I saw a film last night. It was fucking awful. Are you shocked? No, not that the film was awful. Shocked that I said it was fucking awful?
That's the reason I walked out of it, you see. I'm a movie buff, and the film had been well reviewed, but it seems you can't watch an adult film these days without everybody saying fuck every few minutes.
I remember the first time I heard it in a film and, yes, it was "18"-rated ("X" in those days). It was used only once, which is why it had particular force, but the audience sat up in astonishment, and then laughed nervously because we all realised another boundary had just been crossed. Nowadays, an "18" film isn't a proper 18 unless it's peppered with fucks, and I pine for the days when you could watch a strong adult drama without half the dialogue being given over to one word. Was the strength of the dialogue years ago diminished because nobody said fuck? Of course it wasn't. I suppose it's a gift for the screenwriter. After all, you only have to write half as much dialogue. The rest can be filled in with fucks. "Where did I put my car keys?" simply becomes "Where the fuck did I put my fucking car keys?" Taken to its logical conclusion, in another 10 years Daddy Bear may well be asking who the fuck has been eating his fucking porridge.
When my eldest daughter was studying drama in the sixth form, I remember going to an evening show put on by the students. They'd taken a current news theme, and split into groups to dramatise situations around it. Part of it was scripted, the rest improvised. The fresh-faced youngster introducing the event said: "I'm afraid we're likely to be using the f-word tonight." There was a whisper of inevitable acceptance from the audience of parents. I wanted to shout out "Why?", and I still wanted to shout it out after the performance.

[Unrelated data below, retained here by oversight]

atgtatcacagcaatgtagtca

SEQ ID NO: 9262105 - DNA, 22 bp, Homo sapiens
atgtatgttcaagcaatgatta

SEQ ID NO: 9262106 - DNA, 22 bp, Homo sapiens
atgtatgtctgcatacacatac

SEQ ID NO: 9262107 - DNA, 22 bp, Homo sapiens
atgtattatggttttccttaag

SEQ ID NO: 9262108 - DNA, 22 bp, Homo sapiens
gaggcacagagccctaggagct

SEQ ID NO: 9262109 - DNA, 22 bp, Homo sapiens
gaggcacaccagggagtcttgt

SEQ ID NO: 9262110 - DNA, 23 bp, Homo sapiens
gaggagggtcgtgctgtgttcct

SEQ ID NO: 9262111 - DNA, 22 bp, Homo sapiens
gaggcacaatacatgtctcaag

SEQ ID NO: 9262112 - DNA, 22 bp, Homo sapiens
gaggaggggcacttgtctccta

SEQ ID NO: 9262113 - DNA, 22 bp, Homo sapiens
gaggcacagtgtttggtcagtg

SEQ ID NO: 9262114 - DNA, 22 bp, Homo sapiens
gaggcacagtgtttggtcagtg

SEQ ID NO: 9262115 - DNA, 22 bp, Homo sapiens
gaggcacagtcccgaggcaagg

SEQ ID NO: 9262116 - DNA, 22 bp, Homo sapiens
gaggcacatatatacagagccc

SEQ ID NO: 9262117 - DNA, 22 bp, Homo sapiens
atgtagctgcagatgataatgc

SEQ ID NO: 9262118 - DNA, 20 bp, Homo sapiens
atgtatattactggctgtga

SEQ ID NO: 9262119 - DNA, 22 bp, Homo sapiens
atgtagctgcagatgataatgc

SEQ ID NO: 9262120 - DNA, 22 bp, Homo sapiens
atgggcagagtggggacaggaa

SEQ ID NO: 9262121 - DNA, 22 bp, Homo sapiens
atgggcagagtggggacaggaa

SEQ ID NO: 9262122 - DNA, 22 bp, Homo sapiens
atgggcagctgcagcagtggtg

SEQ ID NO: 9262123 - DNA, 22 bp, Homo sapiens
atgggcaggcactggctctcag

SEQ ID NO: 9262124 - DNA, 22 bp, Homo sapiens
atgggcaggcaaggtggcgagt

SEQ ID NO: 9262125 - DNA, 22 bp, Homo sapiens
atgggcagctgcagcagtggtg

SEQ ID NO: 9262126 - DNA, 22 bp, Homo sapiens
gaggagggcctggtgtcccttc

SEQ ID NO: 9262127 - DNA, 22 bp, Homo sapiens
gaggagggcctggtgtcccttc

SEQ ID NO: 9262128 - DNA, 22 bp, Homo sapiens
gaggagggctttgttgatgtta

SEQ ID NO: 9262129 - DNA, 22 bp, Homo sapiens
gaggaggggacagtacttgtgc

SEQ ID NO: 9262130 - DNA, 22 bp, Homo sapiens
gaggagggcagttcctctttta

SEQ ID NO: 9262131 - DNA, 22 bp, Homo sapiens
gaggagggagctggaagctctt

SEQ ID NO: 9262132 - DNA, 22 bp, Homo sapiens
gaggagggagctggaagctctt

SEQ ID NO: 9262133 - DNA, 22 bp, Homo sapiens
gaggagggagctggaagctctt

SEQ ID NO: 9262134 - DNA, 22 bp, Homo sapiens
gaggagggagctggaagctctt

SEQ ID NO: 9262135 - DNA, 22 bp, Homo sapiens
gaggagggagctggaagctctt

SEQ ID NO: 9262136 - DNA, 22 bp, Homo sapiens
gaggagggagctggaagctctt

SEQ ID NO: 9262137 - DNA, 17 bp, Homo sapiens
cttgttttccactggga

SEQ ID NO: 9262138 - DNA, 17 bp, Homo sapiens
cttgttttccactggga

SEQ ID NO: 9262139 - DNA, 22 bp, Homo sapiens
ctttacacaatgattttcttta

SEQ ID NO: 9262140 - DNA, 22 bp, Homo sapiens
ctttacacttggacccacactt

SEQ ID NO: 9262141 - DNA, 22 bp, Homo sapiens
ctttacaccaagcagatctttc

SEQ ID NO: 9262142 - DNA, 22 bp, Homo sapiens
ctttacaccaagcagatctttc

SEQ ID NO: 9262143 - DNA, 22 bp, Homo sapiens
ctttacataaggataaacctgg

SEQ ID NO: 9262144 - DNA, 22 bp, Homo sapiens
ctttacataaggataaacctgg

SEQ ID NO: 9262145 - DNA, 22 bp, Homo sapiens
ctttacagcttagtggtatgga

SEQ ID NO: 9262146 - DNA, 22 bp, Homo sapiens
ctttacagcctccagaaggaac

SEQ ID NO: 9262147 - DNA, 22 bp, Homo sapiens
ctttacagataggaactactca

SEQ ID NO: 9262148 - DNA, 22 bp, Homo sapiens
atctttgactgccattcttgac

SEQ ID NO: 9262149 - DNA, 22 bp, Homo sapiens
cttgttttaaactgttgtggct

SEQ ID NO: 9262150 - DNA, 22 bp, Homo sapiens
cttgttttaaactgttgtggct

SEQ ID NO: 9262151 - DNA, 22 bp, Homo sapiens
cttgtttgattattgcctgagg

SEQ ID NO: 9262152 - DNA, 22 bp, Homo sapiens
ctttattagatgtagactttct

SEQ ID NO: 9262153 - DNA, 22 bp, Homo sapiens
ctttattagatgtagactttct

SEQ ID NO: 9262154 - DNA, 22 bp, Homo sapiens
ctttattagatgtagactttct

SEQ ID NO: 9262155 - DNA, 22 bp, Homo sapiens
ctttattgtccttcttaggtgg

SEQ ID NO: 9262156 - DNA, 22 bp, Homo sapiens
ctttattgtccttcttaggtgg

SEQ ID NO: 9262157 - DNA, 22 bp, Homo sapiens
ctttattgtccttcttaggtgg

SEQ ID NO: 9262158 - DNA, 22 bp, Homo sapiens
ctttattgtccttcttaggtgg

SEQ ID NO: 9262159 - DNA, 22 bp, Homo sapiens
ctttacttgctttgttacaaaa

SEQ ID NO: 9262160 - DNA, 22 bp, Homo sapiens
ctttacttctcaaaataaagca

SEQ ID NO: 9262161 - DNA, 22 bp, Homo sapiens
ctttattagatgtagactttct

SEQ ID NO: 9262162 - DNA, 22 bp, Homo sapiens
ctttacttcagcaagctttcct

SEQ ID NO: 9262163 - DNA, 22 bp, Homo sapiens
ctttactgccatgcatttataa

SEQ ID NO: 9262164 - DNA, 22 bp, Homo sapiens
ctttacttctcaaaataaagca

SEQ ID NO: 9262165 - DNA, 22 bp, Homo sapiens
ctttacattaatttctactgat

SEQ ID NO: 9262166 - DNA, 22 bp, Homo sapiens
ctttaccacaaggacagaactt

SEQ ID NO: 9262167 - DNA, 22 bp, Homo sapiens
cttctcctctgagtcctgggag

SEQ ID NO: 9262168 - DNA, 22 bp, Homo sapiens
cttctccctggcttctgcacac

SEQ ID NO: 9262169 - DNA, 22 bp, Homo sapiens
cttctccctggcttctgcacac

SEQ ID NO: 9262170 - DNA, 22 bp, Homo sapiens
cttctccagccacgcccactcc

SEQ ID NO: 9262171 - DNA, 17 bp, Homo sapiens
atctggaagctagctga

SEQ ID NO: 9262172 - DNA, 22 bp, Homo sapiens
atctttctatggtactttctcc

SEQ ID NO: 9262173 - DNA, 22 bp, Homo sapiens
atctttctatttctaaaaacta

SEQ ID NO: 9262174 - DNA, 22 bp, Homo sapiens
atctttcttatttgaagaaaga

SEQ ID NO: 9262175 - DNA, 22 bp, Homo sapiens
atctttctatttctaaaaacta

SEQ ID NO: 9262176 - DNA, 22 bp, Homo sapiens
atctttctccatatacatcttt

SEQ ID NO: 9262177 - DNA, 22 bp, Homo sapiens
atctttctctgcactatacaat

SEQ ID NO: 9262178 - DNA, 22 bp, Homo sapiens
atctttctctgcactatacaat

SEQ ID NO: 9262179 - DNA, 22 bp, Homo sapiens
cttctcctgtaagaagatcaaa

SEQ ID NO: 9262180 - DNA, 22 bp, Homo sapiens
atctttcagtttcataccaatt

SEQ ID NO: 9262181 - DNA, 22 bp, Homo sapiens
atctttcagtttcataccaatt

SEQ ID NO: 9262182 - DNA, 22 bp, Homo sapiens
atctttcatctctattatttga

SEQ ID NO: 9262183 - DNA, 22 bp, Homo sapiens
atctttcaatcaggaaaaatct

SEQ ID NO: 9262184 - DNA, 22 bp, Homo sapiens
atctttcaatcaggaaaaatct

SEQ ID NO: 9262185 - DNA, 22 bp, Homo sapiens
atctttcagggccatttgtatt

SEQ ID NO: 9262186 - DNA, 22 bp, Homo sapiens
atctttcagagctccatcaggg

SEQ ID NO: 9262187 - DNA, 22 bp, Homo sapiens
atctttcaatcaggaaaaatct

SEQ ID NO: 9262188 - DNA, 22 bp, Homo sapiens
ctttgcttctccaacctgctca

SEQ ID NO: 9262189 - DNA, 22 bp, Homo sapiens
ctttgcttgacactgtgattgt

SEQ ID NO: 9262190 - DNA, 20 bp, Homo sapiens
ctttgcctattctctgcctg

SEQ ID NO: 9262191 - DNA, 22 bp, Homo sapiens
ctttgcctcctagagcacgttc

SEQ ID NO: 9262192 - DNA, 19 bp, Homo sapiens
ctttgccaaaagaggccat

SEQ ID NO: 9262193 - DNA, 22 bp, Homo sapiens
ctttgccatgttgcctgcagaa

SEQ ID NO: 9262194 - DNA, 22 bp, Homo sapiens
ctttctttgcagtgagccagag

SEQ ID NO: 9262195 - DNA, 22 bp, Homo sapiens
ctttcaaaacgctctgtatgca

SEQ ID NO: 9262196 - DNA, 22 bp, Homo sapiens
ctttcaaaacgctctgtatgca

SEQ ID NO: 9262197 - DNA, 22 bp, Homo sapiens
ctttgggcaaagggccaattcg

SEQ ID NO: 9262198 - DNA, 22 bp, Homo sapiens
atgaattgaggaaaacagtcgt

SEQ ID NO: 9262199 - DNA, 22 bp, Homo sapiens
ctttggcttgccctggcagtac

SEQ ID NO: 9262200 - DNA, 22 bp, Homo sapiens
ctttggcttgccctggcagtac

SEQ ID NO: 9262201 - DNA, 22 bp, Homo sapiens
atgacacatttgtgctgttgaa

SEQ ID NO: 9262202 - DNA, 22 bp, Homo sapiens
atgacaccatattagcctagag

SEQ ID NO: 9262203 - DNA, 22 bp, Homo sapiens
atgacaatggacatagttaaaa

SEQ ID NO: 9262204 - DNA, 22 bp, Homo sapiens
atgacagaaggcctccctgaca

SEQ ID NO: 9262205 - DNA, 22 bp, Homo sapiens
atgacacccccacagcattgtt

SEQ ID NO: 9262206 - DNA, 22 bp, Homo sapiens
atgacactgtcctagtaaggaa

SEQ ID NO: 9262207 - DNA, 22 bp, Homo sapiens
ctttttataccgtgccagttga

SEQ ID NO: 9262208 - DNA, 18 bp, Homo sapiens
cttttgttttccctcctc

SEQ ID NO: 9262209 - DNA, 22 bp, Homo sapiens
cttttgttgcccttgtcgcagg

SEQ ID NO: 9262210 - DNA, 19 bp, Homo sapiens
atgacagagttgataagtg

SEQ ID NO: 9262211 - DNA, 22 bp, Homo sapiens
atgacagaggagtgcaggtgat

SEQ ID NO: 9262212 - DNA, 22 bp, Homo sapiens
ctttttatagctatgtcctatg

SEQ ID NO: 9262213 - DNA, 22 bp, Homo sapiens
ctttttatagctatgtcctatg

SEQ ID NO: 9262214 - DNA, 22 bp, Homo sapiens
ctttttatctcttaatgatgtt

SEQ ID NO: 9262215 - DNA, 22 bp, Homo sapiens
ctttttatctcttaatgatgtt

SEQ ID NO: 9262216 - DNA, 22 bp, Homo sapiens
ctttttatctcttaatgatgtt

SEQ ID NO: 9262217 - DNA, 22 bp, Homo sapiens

Fortunately, my school playground isn't yet a hotbed of profanity because the children know how strongly we feel about it. But things are changing.
The early morning playground suffers from it, possibly because the children don't think I'm in yet, or that sound doesn't travel up to my window. The playground supervisors at lunchtime are subjected to most of it, particularly if football's on, whereas the children do at least hesitate at morning playtime if a teacher is within earshot. But then, can you blame them? Many of their parents swear a lot, often at them. Just as they watch their football idols gob on the grass, so they gob on the playground floor in emulation. Switch on the telly after 9pm and the language in most dramas is likely to have a fuck or two somewhere along the line. It is accepted as part and parcel of being "adult drama".
There may be a 9pm watershed, but how many of our juniors are in bed by then? And most have TVs and videos in their rooms anyway. Even if they don't watch adult drama, I'm amazed at the videos they get hold of, or the number of parents who couldn't care what their children watch.
I'm certainly not advocating our children exist on a diet of Neighbours - God forbid - and Pete and Dud's Derek and Clive albums have me in stitches.
But sometimes when I settle into my cinema seat and a stream of invective hits the screen in the first two minutes, even one fuck seems a fuck too many.
Mike Kent is headteacher at Comber Grove primary, London borough of Southwark. Email: firstname.lastname@example.org